Posts Tagged ‘Organisation for World peace’

Journalism Under Fire – A Global Surge in Violations Against Journalists

October 16, 2020

On 14 Aya Wietzorrek posted a good overview piece on freedom of the press in the Organization for World Peace

…..Functioning as a “watch-dog” of these freedoms, journalism can be considered a public good, as it serves to inform citizens on political, economic, and social issues and ensures governance is transparent and accountable.

Acknowledging the many challenges journalism is currently facing…the focus of this article is on the everyday violations against journalists. This September, the UN Educational, Scientific and Cultural Agency (UNESCO) published a report with findings revealing a “wider upward trend” in the use of unlawful violence by police and security forces against journalists over the last five years. Attacks were reported across 65 countries, and many of the tactics used, violate international laws and norms. Globally, journalists are facing censorship, surveillance, detention and physical attacks by law enforcement. The reported abuses against journalists include harassment, intimidation, beatings, being shot with non-lethal as well as lethal ammunition, sometimes even resulting in death.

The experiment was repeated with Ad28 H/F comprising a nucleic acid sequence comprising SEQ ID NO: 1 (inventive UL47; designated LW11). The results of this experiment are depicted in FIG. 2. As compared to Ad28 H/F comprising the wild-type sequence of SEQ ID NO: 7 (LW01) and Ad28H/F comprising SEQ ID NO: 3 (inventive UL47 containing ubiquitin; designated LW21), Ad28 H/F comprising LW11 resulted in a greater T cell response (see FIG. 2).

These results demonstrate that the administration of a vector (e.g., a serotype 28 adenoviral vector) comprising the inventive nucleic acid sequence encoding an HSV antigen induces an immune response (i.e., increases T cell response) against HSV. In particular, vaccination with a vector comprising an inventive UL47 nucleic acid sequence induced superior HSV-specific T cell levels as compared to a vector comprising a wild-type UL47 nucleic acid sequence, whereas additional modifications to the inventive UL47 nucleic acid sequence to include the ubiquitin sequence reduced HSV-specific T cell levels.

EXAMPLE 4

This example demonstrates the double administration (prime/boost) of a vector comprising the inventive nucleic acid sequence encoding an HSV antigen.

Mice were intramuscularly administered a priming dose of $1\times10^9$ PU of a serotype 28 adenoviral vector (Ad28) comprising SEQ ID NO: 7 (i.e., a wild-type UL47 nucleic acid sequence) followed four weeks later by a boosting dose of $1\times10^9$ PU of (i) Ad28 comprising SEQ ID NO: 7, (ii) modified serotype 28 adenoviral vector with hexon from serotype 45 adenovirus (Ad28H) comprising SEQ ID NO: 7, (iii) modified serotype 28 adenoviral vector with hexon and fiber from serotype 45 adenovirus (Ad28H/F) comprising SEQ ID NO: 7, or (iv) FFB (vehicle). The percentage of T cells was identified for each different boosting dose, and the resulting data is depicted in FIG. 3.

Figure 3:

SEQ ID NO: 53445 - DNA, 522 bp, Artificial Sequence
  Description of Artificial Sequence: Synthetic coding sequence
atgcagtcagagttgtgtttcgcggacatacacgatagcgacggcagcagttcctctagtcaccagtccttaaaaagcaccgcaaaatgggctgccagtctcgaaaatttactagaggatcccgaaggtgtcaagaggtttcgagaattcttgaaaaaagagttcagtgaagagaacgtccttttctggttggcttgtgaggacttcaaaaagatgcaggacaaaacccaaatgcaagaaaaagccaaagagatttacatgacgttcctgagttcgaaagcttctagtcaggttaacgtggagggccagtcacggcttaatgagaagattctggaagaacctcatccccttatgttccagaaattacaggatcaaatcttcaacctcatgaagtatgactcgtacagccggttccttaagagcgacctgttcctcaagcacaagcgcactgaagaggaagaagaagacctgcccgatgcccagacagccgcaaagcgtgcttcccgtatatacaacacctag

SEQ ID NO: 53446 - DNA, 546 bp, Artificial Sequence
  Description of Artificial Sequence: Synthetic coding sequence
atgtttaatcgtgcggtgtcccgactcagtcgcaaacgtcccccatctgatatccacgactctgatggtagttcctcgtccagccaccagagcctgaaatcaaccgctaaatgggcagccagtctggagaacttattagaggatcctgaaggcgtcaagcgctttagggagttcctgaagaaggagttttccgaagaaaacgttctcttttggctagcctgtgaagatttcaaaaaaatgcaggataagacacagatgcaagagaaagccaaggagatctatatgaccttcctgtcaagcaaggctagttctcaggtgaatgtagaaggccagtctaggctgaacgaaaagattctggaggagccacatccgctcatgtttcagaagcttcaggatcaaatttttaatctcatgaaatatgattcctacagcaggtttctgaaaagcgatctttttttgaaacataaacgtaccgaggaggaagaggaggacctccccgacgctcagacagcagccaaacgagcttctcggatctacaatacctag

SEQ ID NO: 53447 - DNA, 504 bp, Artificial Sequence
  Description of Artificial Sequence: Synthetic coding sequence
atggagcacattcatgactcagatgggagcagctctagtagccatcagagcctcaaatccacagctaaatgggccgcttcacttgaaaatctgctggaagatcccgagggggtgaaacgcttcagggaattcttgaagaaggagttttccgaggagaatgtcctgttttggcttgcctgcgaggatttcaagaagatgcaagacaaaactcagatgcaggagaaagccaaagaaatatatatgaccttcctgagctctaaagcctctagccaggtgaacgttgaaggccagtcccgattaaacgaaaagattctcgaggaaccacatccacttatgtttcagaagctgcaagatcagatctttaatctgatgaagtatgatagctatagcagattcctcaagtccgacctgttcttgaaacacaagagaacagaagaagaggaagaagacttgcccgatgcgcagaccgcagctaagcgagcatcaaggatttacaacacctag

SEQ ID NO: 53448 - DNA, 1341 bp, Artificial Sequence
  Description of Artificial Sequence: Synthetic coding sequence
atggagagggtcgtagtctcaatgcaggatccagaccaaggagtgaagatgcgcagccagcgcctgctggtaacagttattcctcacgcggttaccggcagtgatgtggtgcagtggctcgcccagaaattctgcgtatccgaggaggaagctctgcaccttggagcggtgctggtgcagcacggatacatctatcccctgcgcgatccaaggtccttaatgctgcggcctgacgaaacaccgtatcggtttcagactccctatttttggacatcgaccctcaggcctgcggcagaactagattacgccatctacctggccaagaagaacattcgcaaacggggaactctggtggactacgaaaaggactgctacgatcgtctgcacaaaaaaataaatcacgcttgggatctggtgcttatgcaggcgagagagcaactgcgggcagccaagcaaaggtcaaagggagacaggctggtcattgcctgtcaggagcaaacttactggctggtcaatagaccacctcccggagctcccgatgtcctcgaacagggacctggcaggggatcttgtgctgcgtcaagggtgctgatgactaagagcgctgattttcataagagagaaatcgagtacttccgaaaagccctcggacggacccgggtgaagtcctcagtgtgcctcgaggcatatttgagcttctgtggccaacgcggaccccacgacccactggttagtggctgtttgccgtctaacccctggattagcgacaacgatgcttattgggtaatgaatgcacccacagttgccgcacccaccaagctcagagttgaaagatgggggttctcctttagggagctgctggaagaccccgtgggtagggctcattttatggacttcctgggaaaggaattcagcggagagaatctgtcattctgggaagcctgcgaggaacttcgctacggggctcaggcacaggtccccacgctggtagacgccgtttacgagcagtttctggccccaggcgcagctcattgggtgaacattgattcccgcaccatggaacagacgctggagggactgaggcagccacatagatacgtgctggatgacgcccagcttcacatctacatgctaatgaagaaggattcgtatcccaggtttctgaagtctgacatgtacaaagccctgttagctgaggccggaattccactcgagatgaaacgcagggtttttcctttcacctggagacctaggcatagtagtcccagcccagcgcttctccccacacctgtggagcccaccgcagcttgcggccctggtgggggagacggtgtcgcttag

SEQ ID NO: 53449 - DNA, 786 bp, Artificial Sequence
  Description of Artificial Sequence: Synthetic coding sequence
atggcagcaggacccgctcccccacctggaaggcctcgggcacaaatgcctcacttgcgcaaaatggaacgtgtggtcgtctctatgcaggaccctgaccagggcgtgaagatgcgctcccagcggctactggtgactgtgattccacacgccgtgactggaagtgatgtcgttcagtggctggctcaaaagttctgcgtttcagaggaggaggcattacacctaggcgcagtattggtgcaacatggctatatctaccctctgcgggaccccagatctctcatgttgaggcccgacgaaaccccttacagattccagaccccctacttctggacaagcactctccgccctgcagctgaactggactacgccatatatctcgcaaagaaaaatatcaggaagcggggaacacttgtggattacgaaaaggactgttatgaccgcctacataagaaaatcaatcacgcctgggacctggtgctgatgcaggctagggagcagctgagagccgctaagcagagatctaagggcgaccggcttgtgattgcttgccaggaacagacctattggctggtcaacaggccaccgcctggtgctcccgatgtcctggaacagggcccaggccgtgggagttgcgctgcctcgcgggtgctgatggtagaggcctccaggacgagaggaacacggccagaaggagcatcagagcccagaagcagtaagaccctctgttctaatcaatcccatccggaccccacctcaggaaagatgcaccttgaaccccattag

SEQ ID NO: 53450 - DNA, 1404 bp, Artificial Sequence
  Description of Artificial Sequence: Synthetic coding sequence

The UN High Commissioner for Human Rights, Michelle Bachelet, commented that around 1,000 journalists have been killed in the last decade – and that 9 in 10 cases “are unresolved”. The murders of journalists Daphne Caruana Galizia in 2017 in Malta, Jamal Khashoggi in 2018 in Turkey and Francisco Romero Díaz in 2019 in Mexico are only a few examples. Horrified by the fates of their colleagues, these events have deterring effects for other journalists. Besides the attacks on journalists being a deeply concerning issue in their own right, such attacks thus also constitute a direct threat to civil society and democracy. In democratic states, with separate legislative, executive and judiciary branches, a free press is often considered to be the 4th pillar of democracy. According to Freedom House, however, elected leaders in many democracies have made direct attempts to silence critical media voices and strengthen ones that provide favourable coverage. The trend is linked to a global decline in democracy itself: The erosion of press freedom is both a symptom of and a contributor to the breakdown of other democratic institutions and principles….